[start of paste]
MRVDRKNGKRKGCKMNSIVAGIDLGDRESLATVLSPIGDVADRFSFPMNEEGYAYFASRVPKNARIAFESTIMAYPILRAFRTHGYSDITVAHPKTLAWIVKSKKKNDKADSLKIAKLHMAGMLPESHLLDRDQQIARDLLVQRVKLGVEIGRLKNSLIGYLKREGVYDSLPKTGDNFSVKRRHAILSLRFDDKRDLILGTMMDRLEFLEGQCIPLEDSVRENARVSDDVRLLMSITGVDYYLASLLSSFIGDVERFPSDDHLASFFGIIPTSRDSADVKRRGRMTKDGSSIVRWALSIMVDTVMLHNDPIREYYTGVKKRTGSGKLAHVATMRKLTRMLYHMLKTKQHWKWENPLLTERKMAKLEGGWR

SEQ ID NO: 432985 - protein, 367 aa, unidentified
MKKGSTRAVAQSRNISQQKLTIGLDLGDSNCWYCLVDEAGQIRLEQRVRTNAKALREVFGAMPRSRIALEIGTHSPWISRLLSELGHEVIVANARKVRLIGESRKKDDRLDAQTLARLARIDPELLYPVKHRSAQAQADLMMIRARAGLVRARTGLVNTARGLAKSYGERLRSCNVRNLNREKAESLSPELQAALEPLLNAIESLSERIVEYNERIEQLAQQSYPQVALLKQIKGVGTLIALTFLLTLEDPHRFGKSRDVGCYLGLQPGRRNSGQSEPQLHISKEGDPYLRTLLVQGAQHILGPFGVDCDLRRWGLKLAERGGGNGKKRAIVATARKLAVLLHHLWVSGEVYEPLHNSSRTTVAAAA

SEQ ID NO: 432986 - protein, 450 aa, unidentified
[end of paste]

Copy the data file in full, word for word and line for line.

MRVDRKNGKRKGCKMNSIVAGIDLGDRESLATVLSPIGDVADRFSFPMNEEGYAYFASRVPKNARIAFESTIMAYPILRAFRTHGYSDITVAHPKTLAWIVKSKKKNDKADSLKIAKLHMAGMLPESHLLDRDQQIARDLLVQRVKLGVEIGRLKNSLIGYLKREGVYDSLPKTGDNFSVKRRHAILSLRFDDKRDLILGTMMDRLEFLEGQCIPLEDSVRENARVSDDVRLLMSITGVDYYLASLLSSFIGDVERFPSDDHLASFFGIIPTSRDSADVKRRGRMTKDGSSIVRWALSIMVDTVMLHNDPIREYYTGVKKRTGSGKLAHVATMRKLTRMLYHMLKTKQHWKWENPLLTERKMAKLEGGWR

SEQ ID NO: 432985 - protein, 367 aa, unidentified
MKKGSTRAVAQSRNISQQKLTIGLDLGDSNCWYCLVDEAGQIRLEQRVRTNAKALREVFGAMPRSRIALEIGTHSPWISRLLSELGHEVIVANARKVRLIGESRKKDDRLDAQTLARLARIDPELLYPVKHRSAQAQADLMMIRARAGLVRARTGLVNTARGLAKSYGERLRSCNVRNLNREKAESLSPELQAALEPLLNAIESLSERIVEYNERIEQLAQQSYPQVALLKQIKGVGTLIALTFLLTLEDPHRFGKSRDVGCYLGLQPGRRNSGQSEPQLHISKEGDPYLRTLLVQGAQHILGPFGVDCDLRRWGLKLAERGGGNGKKRAIVATARKLAVLLHHLWVSGEVYEPLHNSSRTTVAAAA

SEQ ID NO: 432986 - protein, 450 aa, unidentified